Account Based Marketing (ABM) is trending hot. But is it really the miracle solution for B2B sales and marketing?
I have seen marketing evolve, due to an increased understanding of buying psychology and behaviour, as well as an increased ability to analyse vast amounts of customer and market data.
We are now experiencing a new digital playing field. Offering a more finely-tuned approach to older concepts like “inbound marketing”, Account Based Marketing seems like a natural step in the evolution of B2B marketing strategy.
What is ABM?
Account Based Marketing is a strategic approach that involves aligning directly with the sales team to decide who are the key companies you would like to take on as clients. Then you create targeted and personalised campaigns to speak directly to those client accounts.
It is similar to running campaigns targeting buyer personas, but instead of targeting a persona or group of individuals with similar demographics, sociographics and psychographics, you just target the stakeholders (influencers and decision makers) of one business or account.
ABM also typically tends to targets enterprise-level sales organisations with over 1,000 employees.
It is not surprising that marketing teams using this approach are seeing higher ROI than with other approaches. There are also higher rates of customer retention and increase in customer lifetime value.
You can then apply ABM to your existing tactics that are producing good results, and possibly consider new tactics to include. For example, if you are not currently sending LinkedIn Inmails to targeted accounts, rolling out ABM can be a good opportunity to try this tactic and track the results.
The Role of Marketing
Traditionally, the creation of wide-reaching campaigns has been marketing’s responsibility, while sales teams have only been tasked with pursuing accounts and clients that are likely to make a purchase.
With ABM, both teams are focusing on specific accounts and working toward a common goal, allowing them to combine their strengths to achieve more significant results.
1. Research– Some initial research will need to be conducted in the early stages. Based on the identified accounts provided by sales, the marketing team may craft “personas” for whole organisations, using both quantitative and qualitative results, before deciding which channels and tactics to utilise for their campaigns.
2. Personalised Content – After the research, the content that you use for campaigns should be as targeted as possible, and this means personalisation. It really helps to have content that speaks directly to the goals, challenges and concerns of the business you are trying to provide solutions for.
3. Running Campaigns – Marketers will then be responsible for the initial setup and implementation of the campaign and passing on marketing-qualified accounts (MQAs) to the sales team.
4. Reporting – Once a campaign has been executed, the marketing team will collect and collate their data to analyse and tweak for future campaigns.
The Role of Sales
Currently, the role of sales is focused around actioning any marketing-qualified leads (MQLs) that come into the business, regardless of the quality, and also conducting their own prospecting to find new business.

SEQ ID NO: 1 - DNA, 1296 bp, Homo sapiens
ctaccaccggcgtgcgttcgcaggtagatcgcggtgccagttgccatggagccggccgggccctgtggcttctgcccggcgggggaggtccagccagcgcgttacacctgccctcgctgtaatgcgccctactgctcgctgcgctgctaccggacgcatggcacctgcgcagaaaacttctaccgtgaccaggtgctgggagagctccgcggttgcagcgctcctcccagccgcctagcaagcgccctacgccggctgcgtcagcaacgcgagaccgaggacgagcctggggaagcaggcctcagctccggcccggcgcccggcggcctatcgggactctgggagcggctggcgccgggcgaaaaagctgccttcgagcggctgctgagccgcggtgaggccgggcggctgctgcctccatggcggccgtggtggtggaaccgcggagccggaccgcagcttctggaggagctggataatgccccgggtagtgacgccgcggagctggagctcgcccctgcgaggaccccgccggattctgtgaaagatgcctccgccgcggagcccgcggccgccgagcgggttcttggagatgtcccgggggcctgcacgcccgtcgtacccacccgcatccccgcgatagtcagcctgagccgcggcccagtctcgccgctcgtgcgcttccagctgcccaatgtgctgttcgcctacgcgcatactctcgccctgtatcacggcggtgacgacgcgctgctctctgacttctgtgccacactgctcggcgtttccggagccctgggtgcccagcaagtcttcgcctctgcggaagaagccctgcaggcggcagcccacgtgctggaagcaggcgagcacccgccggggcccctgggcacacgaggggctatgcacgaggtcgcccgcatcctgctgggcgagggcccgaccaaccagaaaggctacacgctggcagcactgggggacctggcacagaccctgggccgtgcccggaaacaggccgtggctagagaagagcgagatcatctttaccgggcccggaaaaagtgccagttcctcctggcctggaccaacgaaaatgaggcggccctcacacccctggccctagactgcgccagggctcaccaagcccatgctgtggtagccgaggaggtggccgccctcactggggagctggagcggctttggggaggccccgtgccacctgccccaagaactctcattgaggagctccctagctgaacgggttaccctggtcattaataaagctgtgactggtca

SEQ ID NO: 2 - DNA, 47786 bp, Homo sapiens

With an Account based marketing strategy, the role of the sales team varies slightly.
1. Provide Customer Requirements – Sales now has to clearly communicate to marketing, exactly who they want in the business as clients. This possibly means conducting some research of their own, pulling reports from the CRM, and compiling the plan and goals for marketing.
2. Nurture Leads – In Account-based Sales (ABS), the sales team is in charge of following up on any MQAs and responses and, as with traditional sales, converting engagement into opportunities.
3. Reporting – the sales team must provide a constant feedback loop to marketing as they disqualify, nurture and close the MQAs. This includes insights into job roles at accounts, inputting data into the CRM, and giving feedback on content and campaigns marketing produce.
It’s important to note that ABM and ABS are only truly effective if they’re providing the very best possible service and sales journey, as the purpose of this strategy is to focus on the target account’s needs.
Incorporating ABM in your plan
If you are currently executing a B2B marketing plan, you may already be conducting some version of ABM. You likely already have personas who you are targeting with lead scoring already established. This means, to modify the plan to incorporate ABM may be fairly straight forward.
It would just be a matter of seeing where your campaigns could be modified to become more targeted, once you get committed buy-in from sales.
Initially you may decide to allocate 50% of your resources to an ABM strategy. Or even 70%. The choice is up to you on how you pivot your plan and the resources you have available to do so.
Can sales and marketing really align?
With ABM, ideally the division between marketing and sales funnels is removed, meaning each account must commit to just one journey that needs to be tracked and reported on.
With both teams providing parallel reporting, they do become more aligned and gain the ability to create a much better experience for prospects and customers. Ultimately, this creates more value for both parties in every B2B transaction and is conducive to a more collaborative and productive team environment.
In the real world though, it might take more than an ABM strategy to break down the silos around marketing and sales. But ABM is a great start, and hopefully the business and the customers ultimately benefit.